On Thursday, a handful of children from primarily lower grades--where uniforms are more readily accepted--appeared to be wearing them.
Peterson, a firm believer in uniforms, said he approached parents with the idea in 1994 because he thought it would teach children the importance of dressing appropriately, make it easier for them to concentrate on their studies and eliminate the constant tug-of-war with parents over what to wear to school.
Unlike some other schools in the state that have adopted uniform dress codes because of crime, Peterson said he hopes only to better an already excellent learning environment.
“I wasn’t expecting any dramatic improvement,” he said. “I was expecting that children who leave here will be able to enter society. We had that before and this is just one more piece of the puzzle.”
But some parents say the school never needed such a strict code and that--because only some children wear the uniforms under the voluntary policy--it has actually heightened their kids’ awareness of what they wear.
“I was lukewarm on the idea,” said Marla Gagnon, vice president of the Parent Teacher Assn. “I didn’t think there was any reason for it. There are no gangs in our school.”
Although she also initially thought that uniforms might ease the problems of dressing her two children, ages 9 and 11, she said the opposite is true.
Third-grader Greg usually wears the uniform, but fifth-grader Kaitlyn “absolutely hates” it and has stopped wearing it, Gagnon said.
Even firm supporters of uniforms have stopped making their children wear them.
Kellie Scannell’s younger daughter, 7-year-old Caitlin, usually wears her uniform without complaint. But when Deirdre started complaining about wanting to wear her own clothes instead of a uniform, Scannell finally relented. But she makes certain that her daughter always conforms to the school’s dress code.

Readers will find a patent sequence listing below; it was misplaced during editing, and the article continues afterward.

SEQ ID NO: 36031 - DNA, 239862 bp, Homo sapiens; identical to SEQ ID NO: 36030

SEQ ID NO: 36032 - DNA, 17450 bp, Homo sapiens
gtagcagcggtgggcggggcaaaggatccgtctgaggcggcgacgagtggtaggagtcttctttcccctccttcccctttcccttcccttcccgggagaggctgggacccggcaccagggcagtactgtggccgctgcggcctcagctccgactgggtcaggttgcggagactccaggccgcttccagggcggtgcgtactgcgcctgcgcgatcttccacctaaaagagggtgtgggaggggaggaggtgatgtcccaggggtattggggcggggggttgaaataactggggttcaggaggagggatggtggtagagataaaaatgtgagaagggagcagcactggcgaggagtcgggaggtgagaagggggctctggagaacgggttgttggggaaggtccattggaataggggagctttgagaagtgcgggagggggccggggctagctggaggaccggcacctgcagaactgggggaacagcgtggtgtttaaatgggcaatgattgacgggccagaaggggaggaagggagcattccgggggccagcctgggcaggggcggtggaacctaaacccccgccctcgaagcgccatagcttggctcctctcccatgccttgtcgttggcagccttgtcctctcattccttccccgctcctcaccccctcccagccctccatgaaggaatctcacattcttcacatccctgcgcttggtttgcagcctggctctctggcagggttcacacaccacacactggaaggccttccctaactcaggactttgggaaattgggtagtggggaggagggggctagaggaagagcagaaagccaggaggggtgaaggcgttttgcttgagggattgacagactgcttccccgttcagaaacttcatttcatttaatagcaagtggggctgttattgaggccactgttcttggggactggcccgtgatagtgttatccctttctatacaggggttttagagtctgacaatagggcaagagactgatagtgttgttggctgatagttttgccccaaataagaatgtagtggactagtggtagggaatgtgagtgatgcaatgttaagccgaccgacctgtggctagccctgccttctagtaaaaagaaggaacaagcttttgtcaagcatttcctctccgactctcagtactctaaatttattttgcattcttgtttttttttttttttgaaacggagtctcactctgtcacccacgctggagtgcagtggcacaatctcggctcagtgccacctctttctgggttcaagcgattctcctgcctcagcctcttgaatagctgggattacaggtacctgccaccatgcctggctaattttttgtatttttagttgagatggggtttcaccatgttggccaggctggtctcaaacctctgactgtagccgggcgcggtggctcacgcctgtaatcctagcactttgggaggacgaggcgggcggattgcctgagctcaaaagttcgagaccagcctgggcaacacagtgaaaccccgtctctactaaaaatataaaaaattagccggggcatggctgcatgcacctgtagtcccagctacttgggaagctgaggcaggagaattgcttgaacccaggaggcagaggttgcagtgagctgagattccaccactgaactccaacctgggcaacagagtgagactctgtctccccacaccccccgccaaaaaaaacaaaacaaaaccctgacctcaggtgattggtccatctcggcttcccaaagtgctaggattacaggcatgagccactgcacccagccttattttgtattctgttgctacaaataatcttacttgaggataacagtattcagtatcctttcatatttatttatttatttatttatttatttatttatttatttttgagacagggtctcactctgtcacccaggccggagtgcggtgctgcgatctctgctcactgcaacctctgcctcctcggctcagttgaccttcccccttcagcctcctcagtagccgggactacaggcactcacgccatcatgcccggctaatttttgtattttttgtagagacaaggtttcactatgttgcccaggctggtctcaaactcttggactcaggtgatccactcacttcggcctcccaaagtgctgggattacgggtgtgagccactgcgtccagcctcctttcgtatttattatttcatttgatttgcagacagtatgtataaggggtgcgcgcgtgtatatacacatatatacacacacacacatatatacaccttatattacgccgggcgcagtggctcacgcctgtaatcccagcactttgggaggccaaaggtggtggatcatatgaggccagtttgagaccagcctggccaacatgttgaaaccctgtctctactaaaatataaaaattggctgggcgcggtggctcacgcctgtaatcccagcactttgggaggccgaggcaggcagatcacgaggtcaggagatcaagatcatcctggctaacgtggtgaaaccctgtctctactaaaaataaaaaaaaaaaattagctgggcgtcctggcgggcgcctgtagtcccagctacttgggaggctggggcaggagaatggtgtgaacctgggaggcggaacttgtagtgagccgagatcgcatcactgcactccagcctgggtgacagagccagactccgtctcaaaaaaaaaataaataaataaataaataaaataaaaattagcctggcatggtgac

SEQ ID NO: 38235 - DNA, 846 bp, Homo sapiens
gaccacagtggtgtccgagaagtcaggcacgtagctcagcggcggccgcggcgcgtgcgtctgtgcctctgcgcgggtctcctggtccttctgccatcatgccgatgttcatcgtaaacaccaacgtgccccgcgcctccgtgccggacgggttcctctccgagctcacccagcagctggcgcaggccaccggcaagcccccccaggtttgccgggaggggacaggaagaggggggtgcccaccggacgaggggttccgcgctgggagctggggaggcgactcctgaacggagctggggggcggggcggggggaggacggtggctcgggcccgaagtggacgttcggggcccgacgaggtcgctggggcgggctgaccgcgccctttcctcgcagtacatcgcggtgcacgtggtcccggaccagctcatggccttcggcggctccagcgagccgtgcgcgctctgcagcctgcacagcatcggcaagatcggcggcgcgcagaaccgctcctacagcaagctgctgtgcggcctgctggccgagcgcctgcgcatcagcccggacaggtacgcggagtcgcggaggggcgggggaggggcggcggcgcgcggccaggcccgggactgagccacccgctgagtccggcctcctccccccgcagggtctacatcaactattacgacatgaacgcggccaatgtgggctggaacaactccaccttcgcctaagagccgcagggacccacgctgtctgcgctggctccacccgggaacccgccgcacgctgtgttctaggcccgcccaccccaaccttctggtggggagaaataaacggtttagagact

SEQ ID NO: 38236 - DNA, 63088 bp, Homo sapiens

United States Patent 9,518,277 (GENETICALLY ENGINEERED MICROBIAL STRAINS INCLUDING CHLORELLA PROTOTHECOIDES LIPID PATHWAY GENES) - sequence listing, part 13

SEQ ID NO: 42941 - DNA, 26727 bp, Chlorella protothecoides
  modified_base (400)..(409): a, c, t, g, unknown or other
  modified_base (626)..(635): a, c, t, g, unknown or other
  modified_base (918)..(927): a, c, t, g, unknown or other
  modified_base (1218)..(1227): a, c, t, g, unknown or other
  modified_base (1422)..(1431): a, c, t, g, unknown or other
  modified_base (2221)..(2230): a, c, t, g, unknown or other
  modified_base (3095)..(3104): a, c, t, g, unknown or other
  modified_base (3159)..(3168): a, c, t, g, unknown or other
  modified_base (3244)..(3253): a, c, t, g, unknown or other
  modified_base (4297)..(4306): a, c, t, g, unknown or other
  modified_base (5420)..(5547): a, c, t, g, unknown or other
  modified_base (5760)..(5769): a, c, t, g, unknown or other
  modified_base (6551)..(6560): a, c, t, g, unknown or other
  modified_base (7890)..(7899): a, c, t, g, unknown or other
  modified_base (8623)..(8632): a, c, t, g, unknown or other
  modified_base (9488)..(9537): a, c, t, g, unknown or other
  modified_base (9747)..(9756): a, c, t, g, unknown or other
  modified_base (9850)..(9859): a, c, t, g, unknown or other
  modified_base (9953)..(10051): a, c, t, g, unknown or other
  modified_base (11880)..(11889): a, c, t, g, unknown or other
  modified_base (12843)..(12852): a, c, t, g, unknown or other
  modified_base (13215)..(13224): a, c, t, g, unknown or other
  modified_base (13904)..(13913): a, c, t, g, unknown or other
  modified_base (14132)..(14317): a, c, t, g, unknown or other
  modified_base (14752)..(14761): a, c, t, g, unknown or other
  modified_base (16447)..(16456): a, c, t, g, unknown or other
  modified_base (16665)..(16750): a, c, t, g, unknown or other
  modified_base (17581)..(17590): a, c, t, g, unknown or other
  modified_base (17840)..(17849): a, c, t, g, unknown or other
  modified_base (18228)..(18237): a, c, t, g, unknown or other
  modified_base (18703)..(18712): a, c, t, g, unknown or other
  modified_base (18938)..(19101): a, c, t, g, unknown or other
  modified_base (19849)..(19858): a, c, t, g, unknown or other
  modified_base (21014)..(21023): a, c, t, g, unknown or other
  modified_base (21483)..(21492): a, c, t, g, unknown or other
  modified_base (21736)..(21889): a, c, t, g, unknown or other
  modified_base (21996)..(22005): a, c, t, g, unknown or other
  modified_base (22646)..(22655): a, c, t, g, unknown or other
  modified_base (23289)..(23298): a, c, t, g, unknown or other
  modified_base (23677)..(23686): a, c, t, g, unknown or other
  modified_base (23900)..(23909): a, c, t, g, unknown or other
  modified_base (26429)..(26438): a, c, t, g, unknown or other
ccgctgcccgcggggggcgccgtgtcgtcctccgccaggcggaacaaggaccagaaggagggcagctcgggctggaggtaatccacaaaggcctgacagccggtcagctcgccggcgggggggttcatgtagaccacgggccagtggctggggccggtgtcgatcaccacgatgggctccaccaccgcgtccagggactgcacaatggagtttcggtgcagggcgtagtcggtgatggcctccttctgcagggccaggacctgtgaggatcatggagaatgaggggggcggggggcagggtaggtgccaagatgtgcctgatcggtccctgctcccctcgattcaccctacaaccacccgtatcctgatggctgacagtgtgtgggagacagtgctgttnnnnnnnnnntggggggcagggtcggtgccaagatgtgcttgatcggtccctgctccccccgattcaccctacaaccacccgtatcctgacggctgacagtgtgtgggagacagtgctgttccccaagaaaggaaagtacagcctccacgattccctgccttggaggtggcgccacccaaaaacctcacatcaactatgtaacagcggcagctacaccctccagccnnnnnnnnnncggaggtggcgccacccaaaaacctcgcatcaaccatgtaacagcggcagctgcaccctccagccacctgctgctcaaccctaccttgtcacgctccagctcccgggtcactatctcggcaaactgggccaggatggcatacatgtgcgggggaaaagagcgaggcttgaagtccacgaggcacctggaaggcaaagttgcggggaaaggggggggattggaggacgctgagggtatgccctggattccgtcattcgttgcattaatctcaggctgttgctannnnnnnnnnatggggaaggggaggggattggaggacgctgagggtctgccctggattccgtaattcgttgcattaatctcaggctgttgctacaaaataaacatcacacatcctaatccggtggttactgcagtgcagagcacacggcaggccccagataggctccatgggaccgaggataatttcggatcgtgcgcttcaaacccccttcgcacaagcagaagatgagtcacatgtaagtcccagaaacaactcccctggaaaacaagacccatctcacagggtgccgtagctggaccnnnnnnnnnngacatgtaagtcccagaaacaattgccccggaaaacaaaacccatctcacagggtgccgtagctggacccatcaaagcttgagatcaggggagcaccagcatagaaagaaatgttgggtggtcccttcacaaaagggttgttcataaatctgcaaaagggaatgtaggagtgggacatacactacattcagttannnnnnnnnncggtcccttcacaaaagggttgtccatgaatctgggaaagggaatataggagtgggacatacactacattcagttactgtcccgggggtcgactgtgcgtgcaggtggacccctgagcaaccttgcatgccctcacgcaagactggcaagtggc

“The biggest problem is that they feel they are being singled out, even punished for wearing them,” she said.
Marlene Ackermann, a parent and instructional aide at the school, said the voluntary dress code was especially hard on disabled and other students with special needs, who account for roughly one-sixth of the 619-student campus.
At first, she dressed both her children, 10-year-old Brandon, who is in a wheelchair, and 9-year-old Melanie, in the uniforms.
But soon, she noticed that most of the school’s 108 special-needs children were still dressed in the red, white and blue clothing, while the rest of the students reverted to street clothes.
“The special-ed kids were the only ones left wearing them because they don’t choose their clothes,” she said. “I stopped using them because [my son] doesn’t need to be stigmatized more than he is already.”
The scenario has repeated itself at two other elementary schools that, following Garden Grove’s example, adopted their own voluntary uniform policies.